Jim Golden Q&A: On the Making of the Beachcomber Print


With an artist's eye and what seems like an endless amount of patience, Portland-based photographer 
Jim Golden creates mindful and meticulous compositions using items that most would overlook. From Relics of Technology to the Scissors Collection, it's clear to see that he takes the meaning of organization to new heights. His one-of-a-kind works capture everyday objects in their purest form: inviting the viewer to find beauty in a subject's simplicity. An inspiring and gifted individual, he also happens to be the creative behind our beloved Beachcomber PrintBelow, Jim gives us a behind the scenes look into his creative process and the making of Beachcomber.

 

By Sam Slater Photography

 

Could you share how you started as a photographer? Have you always been drawn to your craft?

Photography has been a part of my life for as long as I can remember. My father always had a camera in his hand, and we would have family slideshows of fall foliage, soccer games, and vacations. Around 11 or 12, I got a hand me down Canon A-1, and I was off to the races. It started as pictures of graveyards with ominous trees, old weathered barns, and the like. Eventually, it became snaps of friends skateboarding and snowboarding. I spent a lot of time in the darkroom in high school.

 

 

From college-days to working in the fast-paced advertising world in New York to now living in Portland, how would you say your aesthetic has changed throughout your life?

The backdrop has changed, and my aesthetic and photo practice has changed, but I'm still working at the same goal: taking the everyday and making it extraordinary. I aim to make images that stop the viewer in their tracks, even if only for a brief moment, to process what they're seeing and form an opinion. It could be a shoe, a saltshaker, some garbage from the beach.

 

I'm still working at the same goal: taking the everyday and making it extraordinary.

  

Many of your photos evoke a nostalgic feel. What draws you to an object?
Sometimes a memory, other times the form. Nostalgia does play a role, but I also see things and think, "Wow, what an amazing whisk or a beautiful handmade mug." I want to share that vision with the viewer. A lot of my photo subjects have come from thrift stores or picking something up on the side of the road. In the instance of my Beachcomber collection, it was the color palette of detritus on the beach, whether man-made or natural, that inspired me to make this photo. I realized I would be able to combine the objects to create a beautiful and powerful statement.

 

 

From the Beachcomber Print to Going Coastal, you’ve done quite a few series by the water. How has the ocean and beach town culture shaped your work?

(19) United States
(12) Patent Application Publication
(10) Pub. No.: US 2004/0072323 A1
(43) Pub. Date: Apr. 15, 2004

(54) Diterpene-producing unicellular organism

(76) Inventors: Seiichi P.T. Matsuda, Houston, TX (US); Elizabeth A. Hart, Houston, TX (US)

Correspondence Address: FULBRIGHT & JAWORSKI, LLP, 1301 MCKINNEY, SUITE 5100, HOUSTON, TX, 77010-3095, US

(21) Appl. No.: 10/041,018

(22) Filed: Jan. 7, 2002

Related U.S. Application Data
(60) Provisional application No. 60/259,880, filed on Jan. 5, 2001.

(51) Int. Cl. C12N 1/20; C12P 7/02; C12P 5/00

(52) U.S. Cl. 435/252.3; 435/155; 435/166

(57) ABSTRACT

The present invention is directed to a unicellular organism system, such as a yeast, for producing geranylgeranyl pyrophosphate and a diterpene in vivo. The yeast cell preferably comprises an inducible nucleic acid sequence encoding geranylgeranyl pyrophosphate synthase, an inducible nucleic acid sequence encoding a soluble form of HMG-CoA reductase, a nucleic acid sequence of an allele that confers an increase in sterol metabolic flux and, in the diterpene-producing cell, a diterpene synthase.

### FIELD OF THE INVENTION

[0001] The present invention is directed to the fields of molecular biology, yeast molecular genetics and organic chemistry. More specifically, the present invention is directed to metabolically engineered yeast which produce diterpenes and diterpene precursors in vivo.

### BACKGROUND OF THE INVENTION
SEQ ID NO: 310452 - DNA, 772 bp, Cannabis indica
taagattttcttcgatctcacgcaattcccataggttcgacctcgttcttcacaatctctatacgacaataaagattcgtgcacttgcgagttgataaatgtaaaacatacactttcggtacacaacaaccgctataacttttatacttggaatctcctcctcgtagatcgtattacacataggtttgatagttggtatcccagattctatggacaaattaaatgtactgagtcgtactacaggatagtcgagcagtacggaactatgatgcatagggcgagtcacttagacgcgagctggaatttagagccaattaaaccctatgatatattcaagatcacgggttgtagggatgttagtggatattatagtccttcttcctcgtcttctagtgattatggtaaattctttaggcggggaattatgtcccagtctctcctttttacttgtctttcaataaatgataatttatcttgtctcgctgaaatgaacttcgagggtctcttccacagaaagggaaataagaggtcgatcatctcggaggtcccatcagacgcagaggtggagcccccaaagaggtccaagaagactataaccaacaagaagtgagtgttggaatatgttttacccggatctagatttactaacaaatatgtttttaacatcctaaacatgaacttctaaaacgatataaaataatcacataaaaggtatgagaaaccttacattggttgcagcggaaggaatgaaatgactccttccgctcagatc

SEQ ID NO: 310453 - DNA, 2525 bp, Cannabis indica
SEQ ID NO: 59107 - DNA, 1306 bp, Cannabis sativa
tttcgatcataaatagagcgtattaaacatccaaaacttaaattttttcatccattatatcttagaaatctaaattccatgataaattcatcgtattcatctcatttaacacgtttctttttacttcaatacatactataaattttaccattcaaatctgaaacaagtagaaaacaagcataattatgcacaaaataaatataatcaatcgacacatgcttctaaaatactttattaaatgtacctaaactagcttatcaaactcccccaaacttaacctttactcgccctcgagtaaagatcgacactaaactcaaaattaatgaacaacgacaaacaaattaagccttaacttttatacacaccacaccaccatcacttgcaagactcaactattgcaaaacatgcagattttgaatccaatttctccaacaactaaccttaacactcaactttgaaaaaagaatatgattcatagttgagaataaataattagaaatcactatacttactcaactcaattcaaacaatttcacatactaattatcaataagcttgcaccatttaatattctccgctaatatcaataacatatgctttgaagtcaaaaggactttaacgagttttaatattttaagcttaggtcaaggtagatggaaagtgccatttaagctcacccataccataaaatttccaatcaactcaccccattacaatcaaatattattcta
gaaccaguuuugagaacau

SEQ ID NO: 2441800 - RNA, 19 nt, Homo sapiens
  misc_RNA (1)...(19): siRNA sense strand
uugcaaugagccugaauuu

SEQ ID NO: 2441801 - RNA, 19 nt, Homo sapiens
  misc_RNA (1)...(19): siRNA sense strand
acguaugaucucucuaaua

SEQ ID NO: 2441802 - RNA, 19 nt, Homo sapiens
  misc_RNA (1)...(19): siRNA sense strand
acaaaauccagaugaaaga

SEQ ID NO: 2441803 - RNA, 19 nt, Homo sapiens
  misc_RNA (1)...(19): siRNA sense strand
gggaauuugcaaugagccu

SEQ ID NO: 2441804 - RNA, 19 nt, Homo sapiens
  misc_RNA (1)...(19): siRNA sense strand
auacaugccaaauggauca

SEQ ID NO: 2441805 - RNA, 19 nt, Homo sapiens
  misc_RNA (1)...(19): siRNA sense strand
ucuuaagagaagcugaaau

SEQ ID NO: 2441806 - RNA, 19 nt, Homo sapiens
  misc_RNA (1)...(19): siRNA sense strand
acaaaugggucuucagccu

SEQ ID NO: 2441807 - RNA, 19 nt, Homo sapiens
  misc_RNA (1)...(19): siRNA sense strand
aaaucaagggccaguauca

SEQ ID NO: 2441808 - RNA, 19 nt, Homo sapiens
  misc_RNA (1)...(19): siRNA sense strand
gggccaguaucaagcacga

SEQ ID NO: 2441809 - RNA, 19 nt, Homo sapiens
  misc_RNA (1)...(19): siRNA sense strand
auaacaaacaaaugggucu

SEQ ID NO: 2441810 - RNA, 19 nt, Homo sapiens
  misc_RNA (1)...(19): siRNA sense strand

I grew up spending a lot of time at the Jersey Shore, so the beach is something I've always known and enjoyed. The sounds and smell, the awesome unrelenting power and grace. When I first saw the Oregon Coast, I was awestruck. I couldn’t believe how different the beach could be from what I knew. It was so rugged and mysterious and quite frankly has captivated me now for the 20 years I've lived here.

 

 

How did you come up with the Beachcomber collection? Could you walk us through the process from initial inspiration to execution?

I was initially taken by the color palette of all the garbage - the muted hues of plastics and metal worn down by the elements. I then realized how much of it there was, and it disturbed me as well. How could there be this much garbage on such desolate beaches? It made me realize that no beach is untouched by this crisis, and an idea started to form. How could I make an image interesting enough to make people stop, take a look, and then realize the beauty in the image is also a nightmare? I took some friends and my daughter to the coast on a Friday, and we collected a van load of stuff from three or four different spots and brought it back to the studio. We let it dry out over the weekend, and on Monday, we got to work making the image.

 

 

What message are you trying to convey through the Beachcomber Print?

First and foremost, I think it's a beautiful image. It stands as a typology of detritus that has amazing shapes and colors. The message is to think twice about all the consumption and single-use items in our daily lives.

 

Think about how your choices affect the places you love that mystify and inspire you.

 

I also hope it motivates the viewer to do their part, pick up a little junk, and dispose of it. If everyone helped out a bit when they visit, it would be a big step in helping to clean up the mess we’ve created.

 

 

The pandemic has disrupted our lives in many ways. How do you see the current landscape influencing your work and where you draw inspiration from? 

I've been making images much closer to home, mostly in my yard, using sunlight and available items. I made a series titled “Tools In Isolation,” which were things in my daily life that were helping me cope with the stress of being cooped up in a small house with a family of four. Just trying to go about our daily lives and stay sane. I've also been messing around with objects in my yard: bricks, wood, ferns, and making these balanced sculptures I'm calling “Yard Totems.” It has been a bit of fun to see if I can make a cinderblock balance on the tip of a brick. A distraction of sorts in this utterly bizarre time.

 

 

Finally, do you have any projects on the horizon you’d like to share?

I’ve been working on a project about the Oregon Coast titled “Going Coastal” for years. It's a more straightforward view of the landscape, structures, and people at the coast. I’m hoping to eventually edit this project into a photo book encapsulating my interpretation of this awe-inspiring and mystical place we have at our doorstep.

 

   

Shop Beachcomber

 

 Photography courtesy of Jim Golden